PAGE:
[javaee-spec users] [jsr342-experts] Re: security manager requirements in Java EE

From: Markus Eisele <>
Date: Thu, 15 Mar 2012 06:18:47 +0100

Hi Bill,

thanks for the new proposal. Reads good. Even if I still have my
reservations as expressed in the earlier mail.
Here are some more thoughts and questions:

1) Why are we trying to put this into xml?
What about this:
    grant { permission "/temp/abc", "read", "write"; }

The policy file syntax is ugly but if we depend on this we shouldn't
try to hide that fact too much.
Or do you know more about how this is going to look like in the future?

2) What about property expansion?
Do we want/allow something like this:
    grant { permission "${user.home}/temp/abc",
"read", "write"; }

3) Last and simple one. If this is going to stay xml I would love to
have short tag names and add a description to the set.
<permissions> <grant-request> <description <classname <name <actions


On 14 March 2012 18:53, Bill Shannon <> wrote:
> Since the little feedback we got seemed to support the proposals below,
> we've prepared a more complete proposal for your review.  Let us know
> what you think.
> Thanks.
> Bill Shannon wrote on 03/08/12 16:01:
>> It's been almost a month and we've gotten very little feedback on the
>> questions I asked below. I hope this isn't an indication that this
>> expert group has little interest in security issues. :-(
>> Given this lack of feedback, we're assuming *all* of you support *all*
>> of the proposals below. We'll be moving forward accordingly.
>> Thanks.
>> Bill Shannon wrote on 02/10/2012 02:01 PM:
>>> Security has always been a key part of the Java EE platform.
>>> From the beginning we defined the Java security permissions
>>> that an application should expect to have, and we expected
>>> that application servers would want to control what permissions
>>> applications should have. Several releases ago we clarified
>>> the requirements so that application servers may run without a
>>> security manager. This was commonly used in development environments,
>>> and in non-Java EE application servers such as Tomcat.
>>> Unfortunately, what we failed to do was to make it clear that
>>> Java EE applications servers were also required to be able to
>>> run *with* a security manager, and to be able to enforce Java
>>> security permissions.
>>> ***** Unless there are objections, we intend to make this
>>> ***** requirement explicit in the EE 7 spec.
>>> One of the reasons this issue comes up is that some library and
>>> framework developers seem to assume that they can do anything
>>> they want with any Java API. Users then complain when these
>>> libraries or frameworks don't work in an application server that
>>> uses a security manager.
>>> A degenerate way that an application server could meet the requirement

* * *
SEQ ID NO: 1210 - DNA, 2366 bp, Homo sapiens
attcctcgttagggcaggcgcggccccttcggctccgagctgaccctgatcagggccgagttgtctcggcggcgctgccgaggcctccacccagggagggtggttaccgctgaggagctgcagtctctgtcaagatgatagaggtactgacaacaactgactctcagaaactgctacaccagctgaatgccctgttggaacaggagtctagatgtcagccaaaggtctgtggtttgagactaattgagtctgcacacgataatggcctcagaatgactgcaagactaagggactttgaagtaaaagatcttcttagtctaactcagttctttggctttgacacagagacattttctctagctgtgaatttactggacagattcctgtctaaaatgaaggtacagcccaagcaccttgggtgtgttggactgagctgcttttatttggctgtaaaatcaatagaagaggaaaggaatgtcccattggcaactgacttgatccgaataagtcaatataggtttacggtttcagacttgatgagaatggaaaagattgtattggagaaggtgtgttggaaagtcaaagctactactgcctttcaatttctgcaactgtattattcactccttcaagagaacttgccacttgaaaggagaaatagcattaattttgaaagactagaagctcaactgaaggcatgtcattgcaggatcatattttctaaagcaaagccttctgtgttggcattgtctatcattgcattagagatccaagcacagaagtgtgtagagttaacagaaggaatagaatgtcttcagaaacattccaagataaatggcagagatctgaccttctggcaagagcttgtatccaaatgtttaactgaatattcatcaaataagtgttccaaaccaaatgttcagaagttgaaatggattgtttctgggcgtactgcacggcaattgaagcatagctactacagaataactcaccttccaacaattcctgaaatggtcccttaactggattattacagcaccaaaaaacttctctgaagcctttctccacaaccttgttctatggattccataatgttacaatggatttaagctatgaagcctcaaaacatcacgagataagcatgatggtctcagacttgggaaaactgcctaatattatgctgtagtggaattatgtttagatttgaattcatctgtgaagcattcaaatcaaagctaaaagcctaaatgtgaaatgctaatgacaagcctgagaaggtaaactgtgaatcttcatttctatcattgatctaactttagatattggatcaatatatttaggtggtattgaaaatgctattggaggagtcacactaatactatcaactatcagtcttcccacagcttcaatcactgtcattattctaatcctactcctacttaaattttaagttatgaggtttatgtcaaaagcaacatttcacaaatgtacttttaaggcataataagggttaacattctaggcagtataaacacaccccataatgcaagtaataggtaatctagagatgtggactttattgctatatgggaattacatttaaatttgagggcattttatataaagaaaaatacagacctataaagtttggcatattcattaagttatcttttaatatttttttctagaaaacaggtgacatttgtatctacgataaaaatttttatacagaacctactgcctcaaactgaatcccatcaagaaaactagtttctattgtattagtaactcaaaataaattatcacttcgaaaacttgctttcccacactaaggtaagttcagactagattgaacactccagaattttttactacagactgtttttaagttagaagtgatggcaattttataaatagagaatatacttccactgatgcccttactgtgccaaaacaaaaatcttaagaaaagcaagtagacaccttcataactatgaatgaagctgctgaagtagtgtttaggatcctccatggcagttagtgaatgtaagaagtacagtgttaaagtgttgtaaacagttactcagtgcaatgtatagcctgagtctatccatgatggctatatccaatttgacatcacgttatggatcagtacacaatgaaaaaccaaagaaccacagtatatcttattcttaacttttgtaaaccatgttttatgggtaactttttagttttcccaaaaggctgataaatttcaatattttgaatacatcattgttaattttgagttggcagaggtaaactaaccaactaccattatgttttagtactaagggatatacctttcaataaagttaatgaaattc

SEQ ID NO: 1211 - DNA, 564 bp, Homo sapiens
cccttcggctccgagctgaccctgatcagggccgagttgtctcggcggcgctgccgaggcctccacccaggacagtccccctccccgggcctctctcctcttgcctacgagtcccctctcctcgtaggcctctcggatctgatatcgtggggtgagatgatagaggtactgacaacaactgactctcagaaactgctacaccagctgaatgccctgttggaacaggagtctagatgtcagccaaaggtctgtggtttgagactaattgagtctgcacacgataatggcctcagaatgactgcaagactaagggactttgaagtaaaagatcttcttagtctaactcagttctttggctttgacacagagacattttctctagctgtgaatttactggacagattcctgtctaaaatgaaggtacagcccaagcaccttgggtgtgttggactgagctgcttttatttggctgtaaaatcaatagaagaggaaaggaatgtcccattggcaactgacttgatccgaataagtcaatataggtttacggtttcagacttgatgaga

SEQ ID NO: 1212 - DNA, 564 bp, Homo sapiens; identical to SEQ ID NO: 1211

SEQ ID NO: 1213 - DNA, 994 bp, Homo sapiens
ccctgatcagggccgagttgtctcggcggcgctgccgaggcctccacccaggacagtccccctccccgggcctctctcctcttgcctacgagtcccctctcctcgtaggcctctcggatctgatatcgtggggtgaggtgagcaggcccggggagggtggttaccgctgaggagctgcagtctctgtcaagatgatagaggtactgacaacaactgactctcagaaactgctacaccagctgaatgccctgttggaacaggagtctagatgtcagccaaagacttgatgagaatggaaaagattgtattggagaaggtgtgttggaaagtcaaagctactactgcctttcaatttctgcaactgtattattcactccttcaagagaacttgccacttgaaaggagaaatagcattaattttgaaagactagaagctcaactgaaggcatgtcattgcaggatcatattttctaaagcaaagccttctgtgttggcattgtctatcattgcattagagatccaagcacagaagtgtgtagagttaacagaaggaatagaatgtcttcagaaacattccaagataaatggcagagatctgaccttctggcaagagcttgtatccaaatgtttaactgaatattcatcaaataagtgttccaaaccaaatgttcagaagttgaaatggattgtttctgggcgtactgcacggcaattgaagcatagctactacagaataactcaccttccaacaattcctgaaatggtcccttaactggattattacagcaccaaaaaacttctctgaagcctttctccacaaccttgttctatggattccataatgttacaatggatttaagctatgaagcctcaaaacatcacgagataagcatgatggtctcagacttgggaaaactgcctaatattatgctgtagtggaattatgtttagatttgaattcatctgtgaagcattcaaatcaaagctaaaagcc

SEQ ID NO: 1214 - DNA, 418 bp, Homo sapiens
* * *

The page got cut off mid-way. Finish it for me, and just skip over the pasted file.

>>> to be able to run with a security manager would be to simply grant
>>> all applications all permissions all the time. Obviously that
>>> wouldn't address the core problem. Thus, we believe we also need
>>> a clear requirement that the application server be able to
>>> *restrict* the set of permissions granted to an application.
>>> Defining a requirement in this area is a bit tricky. While it
>>> might seem attractive to require that an application server be
>>> able to run applications with *only* the minimum permissions
>>> defined in the spec, it's possible that there could be product
>>> specific (non-standard) permissions that are needed. Still,
>>> it seems like it would be good to define some boundaries here.
>>> ***** Would you support a requirement to be able to run
>>> ***** applications with a restricted set of permissions?
>>> We think it's especially likely that a Java EE cloud product
>>> will use a security manager to maintain control over the
>>> operational environment. Remember, our target is PaaS, not
>>> Middleware over IaaS:
>>> In a true PaaS environment, application permissions are likely
>>> to be restricted to only what's needed. In such an environment,
>>> it may be useful to know if the application needs any permissions
>>> beyond the minimum that the platform spec guarantees.
>>> Something we've been considering for quite some time is to provide
>>> a way for an application to include a list of these additional
>>> permissions it needs. The platform implementation could then
>>> evaluate these permissions and ensure that the application is
>>> granted what it needs, or reject deployment of the application.
>>> ***** Would you support including such a capability in Java EE?
>>> Other than the first item above, we're not sure how many of these
>>> items we can address for EE 7, but we wanted to see if there was
>>> support in principle for these items before we moved forward.
>>> Let us know what you think.